When federal inspectors arrived at an East Texas poultry processing plant to investigate an accidental amputation, they uncovered a multitude of safety hazards that exposed employees to disfiguring injuries and death.
The U.S. Occupational Safety and Health Administration (OSHA) said that inspectors it dispatched to the Tyson Foods Inc. chicken processing facility in Center, Texas, found more than a dozen serious safety violations, including failure to install safety guards on moving machine parts.
That violation contributed to an employee at the plant having a finger amputated after it became stuck in an unguarded conveyor belt as he worked on a deboning line and tried to remove chicken parts jammed in the belt.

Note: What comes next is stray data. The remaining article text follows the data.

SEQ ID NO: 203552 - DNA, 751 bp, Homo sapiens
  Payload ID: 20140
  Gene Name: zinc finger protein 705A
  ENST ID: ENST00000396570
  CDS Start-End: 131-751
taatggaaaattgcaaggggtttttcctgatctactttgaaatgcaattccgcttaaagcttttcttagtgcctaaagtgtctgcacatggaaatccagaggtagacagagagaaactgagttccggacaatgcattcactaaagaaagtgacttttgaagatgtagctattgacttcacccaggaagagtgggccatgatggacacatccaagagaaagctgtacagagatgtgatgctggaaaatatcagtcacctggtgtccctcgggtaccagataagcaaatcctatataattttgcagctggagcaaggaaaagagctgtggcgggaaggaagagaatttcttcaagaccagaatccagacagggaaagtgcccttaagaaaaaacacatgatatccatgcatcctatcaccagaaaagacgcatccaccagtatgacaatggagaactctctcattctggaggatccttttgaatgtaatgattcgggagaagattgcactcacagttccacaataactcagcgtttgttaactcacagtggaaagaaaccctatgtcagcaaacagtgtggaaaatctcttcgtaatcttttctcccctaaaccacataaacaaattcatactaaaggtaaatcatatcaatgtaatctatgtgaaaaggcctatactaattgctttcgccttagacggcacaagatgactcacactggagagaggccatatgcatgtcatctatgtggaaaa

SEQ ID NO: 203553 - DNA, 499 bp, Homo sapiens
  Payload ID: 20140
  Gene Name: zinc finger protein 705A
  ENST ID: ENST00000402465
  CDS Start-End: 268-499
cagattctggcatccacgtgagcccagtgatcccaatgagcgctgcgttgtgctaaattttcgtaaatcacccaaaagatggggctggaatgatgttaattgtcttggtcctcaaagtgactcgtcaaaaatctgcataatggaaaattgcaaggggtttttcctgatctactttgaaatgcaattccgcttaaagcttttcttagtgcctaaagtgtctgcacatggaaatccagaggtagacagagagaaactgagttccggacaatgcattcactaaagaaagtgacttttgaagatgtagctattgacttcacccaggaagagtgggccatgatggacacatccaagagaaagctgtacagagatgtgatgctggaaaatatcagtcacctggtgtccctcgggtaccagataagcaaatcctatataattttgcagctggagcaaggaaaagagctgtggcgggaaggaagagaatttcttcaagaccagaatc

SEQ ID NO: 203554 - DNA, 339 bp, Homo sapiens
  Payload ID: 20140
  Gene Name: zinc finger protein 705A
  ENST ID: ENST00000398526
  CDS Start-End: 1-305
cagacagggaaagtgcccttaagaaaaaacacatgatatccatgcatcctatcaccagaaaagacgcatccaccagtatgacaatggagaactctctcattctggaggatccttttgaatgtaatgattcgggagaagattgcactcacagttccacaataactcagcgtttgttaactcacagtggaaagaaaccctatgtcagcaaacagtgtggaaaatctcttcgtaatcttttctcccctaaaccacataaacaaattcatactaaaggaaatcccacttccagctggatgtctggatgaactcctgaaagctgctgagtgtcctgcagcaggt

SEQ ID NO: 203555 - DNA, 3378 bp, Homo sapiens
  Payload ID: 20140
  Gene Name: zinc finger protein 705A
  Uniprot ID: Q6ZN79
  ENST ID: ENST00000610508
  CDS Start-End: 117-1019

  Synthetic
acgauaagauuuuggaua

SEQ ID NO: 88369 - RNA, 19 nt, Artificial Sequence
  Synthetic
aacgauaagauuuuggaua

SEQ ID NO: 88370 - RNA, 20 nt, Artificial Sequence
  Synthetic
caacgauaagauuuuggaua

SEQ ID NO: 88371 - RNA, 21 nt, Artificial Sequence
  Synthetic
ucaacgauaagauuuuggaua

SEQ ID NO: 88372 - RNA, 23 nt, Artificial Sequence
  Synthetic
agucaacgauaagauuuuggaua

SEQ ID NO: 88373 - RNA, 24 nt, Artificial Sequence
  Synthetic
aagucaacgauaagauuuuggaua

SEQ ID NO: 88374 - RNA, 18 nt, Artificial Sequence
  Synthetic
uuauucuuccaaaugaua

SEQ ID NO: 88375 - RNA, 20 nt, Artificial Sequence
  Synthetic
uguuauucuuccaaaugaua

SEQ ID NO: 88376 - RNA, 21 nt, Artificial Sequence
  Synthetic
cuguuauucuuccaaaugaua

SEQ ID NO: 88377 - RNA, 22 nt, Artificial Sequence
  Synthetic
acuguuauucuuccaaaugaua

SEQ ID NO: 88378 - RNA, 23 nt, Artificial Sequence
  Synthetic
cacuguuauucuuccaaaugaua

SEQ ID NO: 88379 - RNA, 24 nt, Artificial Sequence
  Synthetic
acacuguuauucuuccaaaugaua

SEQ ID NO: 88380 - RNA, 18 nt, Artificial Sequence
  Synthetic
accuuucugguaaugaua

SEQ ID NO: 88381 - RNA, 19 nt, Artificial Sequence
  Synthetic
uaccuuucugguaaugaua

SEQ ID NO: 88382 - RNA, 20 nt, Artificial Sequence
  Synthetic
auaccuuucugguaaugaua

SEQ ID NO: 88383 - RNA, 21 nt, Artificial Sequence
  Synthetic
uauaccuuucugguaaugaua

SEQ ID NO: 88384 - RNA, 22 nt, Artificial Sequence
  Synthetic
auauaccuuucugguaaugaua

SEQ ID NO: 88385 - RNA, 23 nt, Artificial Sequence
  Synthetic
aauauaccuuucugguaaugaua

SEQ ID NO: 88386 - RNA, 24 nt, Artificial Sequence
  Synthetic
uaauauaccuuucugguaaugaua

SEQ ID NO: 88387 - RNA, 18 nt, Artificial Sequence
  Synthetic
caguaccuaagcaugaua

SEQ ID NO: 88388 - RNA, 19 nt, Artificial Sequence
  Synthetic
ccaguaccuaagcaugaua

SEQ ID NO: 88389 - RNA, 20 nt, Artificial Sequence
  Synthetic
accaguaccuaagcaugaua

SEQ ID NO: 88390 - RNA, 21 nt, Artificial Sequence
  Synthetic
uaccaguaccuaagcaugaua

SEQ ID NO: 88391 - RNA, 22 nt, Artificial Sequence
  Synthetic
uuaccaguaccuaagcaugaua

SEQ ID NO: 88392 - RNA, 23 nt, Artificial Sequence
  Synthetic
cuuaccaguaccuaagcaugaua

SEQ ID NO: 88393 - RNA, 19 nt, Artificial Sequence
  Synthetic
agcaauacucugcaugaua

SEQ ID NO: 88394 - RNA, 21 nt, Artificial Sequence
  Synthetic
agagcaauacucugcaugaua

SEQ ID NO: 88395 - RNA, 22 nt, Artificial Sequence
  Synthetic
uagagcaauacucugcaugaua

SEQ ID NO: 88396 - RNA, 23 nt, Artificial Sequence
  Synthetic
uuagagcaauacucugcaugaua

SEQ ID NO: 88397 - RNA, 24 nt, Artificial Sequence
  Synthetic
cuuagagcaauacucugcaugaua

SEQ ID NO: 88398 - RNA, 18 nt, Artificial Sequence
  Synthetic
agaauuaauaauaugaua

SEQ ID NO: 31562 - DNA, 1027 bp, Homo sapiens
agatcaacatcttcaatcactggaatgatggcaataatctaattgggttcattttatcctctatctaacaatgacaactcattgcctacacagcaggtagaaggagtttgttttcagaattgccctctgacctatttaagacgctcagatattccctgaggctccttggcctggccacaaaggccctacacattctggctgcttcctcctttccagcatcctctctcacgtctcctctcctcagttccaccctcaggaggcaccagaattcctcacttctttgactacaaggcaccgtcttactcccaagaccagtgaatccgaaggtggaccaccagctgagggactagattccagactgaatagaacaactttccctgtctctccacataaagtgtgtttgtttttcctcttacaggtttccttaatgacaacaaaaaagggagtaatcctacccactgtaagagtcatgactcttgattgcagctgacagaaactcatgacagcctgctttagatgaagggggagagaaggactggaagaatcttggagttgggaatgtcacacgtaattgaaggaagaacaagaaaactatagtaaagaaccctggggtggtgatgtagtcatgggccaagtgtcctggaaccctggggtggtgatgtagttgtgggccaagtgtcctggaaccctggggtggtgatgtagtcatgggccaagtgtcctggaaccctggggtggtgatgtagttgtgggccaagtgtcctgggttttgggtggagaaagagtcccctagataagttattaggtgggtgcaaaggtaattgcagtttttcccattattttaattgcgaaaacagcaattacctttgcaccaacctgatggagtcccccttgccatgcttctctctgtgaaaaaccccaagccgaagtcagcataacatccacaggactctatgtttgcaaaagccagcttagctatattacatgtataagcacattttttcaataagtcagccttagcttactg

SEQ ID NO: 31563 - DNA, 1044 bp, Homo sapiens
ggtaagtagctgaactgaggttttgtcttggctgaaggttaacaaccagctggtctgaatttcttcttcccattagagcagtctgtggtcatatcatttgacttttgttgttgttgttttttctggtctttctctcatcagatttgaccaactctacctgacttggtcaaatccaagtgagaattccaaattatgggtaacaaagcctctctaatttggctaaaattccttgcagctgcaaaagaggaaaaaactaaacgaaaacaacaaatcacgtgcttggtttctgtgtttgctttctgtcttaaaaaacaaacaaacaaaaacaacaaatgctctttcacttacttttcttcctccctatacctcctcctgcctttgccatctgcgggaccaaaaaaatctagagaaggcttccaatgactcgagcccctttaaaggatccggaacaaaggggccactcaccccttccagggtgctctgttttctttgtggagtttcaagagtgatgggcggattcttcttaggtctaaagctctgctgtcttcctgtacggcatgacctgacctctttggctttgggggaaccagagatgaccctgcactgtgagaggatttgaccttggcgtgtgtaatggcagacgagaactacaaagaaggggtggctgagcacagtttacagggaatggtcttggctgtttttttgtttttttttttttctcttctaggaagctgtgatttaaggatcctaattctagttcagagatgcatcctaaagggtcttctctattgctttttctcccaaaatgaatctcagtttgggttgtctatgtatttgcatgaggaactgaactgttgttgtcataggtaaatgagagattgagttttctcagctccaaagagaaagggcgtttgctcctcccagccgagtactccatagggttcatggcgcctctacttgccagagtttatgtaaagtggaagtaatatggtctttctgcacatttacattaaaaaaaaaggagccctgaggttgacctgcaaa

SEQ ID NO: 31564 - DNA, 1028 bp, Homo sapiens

Inspectors also found the plant allowed carbon dioxide levels to build above the permissible exposure limit, failed to provide workers with personal protective equipment and proper training on the hazards associated with peracetic acid, a disinfectant that causes chemical burns and occupational lung injuries if handled improperly,
Tyson was also cited for exposing its workers to slip-and-fall hazards caused by improper drainage, trip-and-fall hazards posed by recessed floor drains, and fire hazards related to improperly stored compressed gas cylinders.
“Tyson Foods must do much more to prevent disfiguring injuries like this one from happening,” said Dr. David Michaels, assistant secretary of labor for Occupational Safety and Health. “As one of the nation’s largest food suppliers, it should set an example for workplace safety rather than drawing multiple citations from OSHA for ongoing safety failures.”
OSHA proposed penalties of $263,498 for the violations.
Headquartered in Springdale, Ark., Tyson is the world’s largest meat and poultry processing company. The company operates numerous processing plants across the U.S., produces more than 68 million pounds of meat per week, and generates more than $40 billion in annual sales.